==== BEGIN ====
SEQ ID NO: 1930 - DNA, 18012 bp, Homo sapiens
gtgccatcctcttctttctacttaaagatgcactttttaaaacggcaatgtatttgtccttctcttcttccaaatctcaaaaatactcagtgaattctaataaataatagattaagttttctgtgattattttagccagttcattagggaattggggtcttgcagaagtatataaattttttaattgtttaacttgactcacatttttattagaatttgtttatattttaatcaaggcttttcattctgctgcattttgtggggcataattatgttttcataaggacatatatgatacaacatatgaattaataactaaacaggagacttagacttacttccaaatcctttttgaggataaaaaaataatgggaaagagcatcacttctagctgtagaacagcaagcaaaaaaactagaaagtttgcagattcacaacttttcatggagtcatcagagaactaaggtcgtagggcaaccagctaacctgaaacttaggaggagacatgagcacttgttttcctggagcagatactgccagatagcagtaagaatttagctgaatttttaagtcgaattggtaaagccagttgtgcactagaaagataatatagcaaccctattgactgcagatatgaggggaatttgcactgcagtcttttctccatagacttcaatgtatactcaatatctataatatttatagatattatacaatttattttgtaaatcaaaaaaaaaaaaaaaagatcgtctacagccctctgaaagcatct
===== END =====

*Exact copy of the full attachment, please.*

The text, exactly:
SEQ ID NO: 1930 - DNA, 18012 bp, Homo sapiens
gtgccatcctcttctttctacttaaagatgcactttttaaaacggcaatgtatttgtccttctcttcttccaaatctcaaaaatactcagtgaattctaataaataatagattaagttttctgtgattattttagccagttcattagggaattggggtcttgcagaagtatataaattttttaattgtttaacttgactcacatttttattagaatttgtttatattttaatcaaggcttttcattctgctgcattttgtggggcataattatgttttcataaggacatatatgatacaacatatgaattaataactaaacaggagacttagacttacttccaaatcctttttgaggataaaaaaataatgggaaagagcatcacttctagctgtagaacagcaagcaaaaaaactagaaagtttgcagattcacaacttttcatggagtcatcagagaactaaggtcgtagggcaaccagctaacctgaaacttaggaggagacatgagcacttgttttcctggagcagatactgccagatagcagtaagaatttagctgaatttttaagtcgaattggtaaagccagttgtgcactagaaagataatatagcaaccctattgactgcagatatgaggggaatttgcactgcagtcttttctccatagacttcaatgtatactcaatatctataatatttatagatattatacaatttattttgtaaatcaaaaaaaaaaaaaaaagatcgtctacagccctctgaaagcatct